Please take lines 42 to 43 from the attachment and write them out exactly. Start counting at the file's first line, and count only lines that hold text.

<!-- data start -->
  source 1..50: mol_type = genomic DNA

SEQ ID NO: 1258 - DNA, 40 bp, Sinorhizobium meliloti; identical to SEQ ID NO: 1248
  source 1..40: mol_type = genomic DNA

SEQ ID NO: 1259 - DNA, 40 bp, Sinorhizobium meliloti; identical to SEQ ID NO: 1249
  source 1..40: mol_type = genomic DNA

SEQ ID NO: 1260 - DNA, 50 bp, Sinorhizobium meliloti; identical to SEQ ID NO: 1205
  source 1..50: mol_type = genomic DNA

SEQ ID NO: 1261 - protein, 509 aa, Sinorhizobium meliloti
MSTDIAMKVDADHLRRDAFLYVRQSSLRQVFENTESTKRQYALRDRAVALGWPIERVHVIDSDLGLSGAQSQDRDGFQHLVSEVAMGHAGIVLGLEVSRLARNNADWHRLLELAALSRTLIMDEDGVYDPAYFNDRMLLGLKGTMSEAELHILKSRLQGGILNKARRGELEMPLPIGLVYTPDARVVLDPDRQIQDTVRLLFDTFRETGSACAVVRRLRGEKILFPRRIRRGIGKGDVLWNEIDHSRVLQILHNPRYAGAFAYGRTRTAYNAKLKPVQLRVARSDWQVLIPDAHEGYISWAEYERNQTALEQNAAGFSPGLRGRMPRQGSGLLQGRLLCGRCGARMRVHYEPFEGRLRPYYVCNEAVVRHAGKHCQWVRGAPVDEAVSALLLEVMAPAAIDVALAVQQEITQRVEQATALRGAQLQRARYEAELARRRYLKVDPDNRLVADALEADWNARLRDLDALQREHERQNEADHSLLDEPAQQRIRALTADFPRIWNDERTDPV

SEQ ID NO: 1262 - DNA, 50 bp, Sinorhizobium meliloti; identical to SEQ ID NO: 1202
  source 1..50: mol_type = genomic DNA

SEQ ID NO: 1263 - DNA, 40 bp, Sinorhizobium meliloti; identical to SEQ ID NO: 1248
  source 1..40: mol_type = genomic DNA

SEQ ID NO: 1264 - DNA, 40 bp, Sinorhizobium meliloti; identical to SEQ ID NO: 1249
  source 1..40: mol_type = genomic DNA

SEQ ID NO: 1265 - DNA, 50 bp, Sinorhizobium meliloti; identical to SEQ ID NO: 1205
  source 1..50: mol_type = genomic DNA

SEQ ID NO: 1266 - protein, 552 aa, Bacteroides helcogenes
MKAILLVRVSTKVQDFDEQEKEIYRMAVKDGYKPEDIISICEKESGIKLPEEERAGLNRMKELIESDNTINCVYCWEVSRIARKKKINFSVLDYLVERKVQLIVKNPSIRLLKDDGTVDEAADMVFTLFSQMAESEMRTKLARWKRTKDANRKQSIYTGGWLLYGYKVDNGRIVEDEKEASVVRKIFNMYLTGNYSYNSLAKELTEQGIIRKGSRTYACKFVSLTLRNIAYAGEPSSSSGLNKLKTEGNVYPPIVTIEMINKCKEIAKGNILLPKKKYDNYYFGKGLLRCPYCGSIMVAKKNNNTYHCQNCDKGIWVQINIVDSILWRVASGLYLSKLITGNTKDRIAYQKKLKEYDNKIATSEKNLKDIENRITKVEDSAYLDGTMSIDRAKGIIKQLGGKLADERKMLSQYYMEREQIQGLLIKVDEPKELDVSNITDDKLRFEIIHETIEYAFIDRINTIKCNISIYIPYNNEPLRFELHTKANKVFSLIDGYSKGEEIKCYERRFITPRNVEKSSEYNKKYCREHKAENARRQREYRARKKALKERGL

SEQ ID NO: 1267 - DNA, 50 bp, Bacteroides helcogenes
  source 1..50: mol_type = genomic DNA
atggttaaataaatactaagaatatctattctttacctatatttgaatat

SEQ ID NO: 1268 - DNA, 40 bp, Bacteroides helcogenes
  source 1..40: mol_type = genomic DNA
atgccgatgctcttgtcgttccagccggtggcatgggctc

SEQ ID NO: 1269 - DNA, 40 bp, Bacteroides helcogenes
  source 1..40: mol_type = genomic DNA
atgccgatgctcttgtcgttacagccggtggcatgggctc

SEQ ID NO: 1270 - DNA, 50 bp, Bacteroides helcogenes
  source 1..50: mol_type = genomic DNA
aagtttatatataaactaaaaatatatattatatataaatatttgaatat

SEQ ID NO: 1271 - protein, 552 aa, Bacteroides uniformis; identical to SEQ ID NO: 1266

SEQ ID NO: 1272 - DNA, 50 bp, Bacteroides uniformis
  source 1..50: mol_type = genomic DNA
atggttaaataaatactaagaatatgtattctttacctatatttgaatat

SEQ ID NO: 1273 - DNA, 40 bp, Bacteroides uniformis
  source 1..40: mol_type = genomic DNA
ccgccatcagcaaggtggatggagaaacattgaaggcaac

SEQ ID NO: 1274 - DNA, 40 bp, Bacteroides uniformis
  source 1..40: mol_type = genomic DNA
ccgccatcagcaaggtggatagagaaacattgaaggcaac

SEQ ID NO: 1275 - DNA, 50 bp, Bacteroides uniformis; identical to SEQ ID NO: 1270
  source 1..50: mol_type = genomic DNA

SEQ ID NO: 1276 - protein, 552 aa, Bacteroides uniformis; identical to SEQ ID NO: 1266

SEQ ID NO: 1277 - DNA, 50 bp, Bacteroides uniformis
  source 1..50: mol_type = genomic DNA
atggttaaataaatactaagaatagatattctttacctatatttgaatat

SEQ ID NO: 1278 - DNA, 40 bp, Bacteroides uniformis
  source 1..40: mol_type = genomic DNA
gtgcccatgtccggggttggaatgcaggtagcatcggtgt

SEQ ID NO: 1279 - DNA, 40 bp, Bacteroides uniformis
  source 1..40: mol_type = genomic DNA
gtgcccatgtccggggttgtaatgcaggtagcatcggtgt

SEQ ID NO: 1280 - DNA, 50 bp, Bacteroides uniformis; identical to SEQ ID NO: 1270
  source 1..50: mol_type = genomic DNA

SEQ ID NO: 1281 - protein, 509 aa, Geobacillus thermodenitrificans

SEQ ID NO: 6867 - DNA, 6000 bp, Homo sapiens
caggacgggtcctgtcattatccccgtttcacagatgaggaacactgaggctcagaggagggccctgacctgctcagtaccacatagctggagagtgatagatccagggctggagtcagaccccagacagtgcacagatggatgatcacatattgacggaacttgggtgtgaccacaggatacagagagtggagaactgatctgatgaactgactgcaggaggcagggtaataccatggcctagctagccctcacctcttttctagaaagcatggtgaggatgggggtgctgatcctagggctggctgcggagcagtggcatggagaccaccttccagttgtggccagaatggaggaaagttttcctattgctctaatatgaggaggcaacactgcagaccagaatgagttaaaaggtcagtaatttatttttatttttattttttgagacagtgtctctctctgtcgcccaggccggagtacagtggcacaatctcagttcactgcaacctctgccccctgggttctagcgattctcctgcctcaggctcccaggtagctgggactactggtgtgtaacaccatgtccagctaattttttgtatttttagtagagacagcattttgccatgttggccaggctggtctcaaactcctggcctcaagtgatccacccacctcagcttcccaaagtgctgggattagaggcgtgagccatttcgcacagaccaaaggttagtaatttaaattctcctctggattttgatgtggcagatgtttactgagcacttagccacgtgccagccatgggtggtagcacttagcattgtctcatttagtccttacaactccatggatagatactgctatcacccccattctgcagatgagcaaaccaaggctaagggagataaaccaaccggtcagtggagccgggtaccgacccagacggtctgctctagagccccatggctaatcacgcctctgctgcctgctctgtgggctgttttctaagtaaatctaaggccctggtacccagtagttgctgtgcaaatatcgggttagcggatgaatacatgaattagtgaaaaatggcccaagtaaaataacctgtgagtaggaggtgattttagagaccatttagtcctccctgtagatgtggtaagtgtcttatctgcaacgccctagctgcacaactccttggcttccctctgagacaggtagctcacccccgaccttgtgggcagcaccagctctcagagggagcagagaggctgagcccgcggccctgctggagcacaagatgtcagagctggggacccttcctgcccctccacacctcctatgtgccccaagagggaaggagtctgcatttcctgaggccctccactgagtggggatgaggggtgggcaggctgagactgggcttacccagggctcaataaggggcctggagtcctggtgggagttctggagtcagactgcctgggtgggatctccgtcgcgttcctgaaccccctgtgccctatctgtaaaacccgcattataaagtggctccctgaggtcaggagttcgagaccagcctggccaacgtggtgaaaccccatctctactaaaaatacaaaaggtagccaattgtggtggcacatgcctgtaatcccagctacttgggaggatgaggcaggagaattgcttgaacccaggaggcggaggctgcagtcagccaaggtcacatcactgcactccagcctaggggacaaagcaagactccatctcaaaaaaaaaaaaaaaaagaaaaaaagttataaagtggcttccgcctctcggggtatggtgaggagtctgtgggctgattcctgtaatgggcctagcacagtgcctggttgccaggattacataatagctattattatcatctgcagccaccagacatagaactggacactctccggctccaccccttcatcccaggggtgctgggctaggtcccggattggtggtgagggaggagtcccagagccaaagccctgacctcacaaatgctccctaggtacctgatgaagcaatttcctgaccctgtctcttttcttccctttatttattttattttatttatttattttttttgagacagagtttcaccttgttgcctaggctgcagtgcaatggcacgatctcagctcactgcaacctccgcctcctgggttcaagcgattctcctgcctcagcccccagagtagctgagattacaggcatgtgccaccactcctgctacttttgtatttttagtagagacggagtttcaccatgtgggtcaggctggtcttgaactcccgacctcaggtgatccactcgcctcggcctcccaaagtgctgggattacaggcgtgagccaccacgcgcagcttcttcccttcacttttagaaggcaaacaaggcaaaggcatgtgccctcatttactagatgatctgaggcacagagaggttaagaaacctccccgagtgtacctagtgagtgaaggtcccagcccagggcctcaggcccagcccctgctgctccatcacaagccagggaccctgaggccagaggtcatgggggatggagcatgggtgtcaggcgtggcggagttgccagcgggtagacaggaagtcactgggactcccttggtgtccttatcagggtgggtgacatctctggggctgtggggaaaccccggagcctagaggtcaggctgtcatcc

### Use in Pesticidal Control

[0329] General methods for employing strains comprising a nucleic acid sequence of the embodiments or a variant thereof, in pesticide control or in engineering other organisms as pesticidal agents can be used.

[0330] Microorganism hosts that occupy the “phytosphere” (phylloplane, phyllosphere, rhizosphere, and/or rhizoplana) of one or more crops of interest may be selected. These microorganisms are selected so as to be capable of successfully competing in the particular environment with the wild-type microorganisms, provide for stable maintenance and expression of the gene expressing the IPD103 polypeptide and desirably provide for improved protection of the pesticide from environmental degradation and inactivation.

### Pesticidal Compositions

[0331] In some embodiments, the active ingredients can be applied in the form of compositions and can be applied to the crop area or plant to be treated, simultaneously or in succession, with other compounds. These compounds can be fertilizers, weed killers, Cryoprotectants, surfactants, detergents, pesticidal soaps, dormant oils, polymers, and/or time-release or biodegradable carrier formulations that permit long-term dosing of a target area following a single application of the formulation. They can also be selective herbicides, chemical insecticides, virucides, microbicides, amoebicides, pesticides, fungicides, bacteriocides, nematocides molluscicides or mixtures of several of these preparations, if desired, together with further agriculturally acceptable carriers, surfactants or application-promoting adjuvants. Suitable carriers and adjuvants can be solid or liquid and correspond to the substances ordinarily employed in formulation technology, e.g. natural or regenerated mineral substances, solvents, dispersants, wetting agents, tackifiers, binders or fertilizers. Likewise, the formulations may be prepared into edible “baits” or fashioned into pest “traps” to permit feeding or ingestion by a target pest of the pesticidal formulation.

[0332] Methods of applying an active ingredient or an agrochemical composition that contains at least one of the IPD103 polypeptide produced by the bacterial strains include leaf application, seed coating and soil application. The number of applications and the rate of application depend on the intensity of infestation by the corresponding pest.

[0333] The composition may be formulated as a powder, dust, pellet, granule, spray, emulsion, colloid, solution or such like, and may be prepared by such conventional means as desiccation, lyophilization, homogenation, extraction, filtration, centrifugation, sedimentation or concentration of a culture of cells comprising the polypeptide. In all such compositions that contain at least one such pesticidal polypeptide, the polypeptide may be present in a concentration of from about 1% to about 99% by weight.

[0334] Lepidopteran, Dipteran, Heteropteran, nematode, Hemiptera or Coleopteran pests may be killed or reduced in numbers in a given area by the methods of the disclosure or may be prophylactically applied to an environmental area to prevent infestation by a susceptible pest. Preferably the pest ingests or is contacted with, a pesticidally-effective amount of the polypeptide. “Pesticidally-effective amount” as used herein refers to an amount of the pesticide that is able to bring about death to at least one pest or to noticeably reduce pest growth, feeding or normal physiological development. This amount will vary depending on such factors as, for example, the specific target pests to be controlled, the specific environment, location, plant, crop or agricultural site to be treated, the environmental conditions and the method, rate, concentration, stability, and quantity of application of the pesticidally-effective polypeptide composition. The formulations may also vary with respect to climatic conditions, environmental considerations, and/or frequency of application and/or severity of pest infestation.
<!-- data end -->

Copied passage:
SEQ ID NO: 1275 - DNA, 50 bp, Bacteroides uniformis; identical to SEQ ID NO: 1270
  source 1..50: mol_type = genomic DNA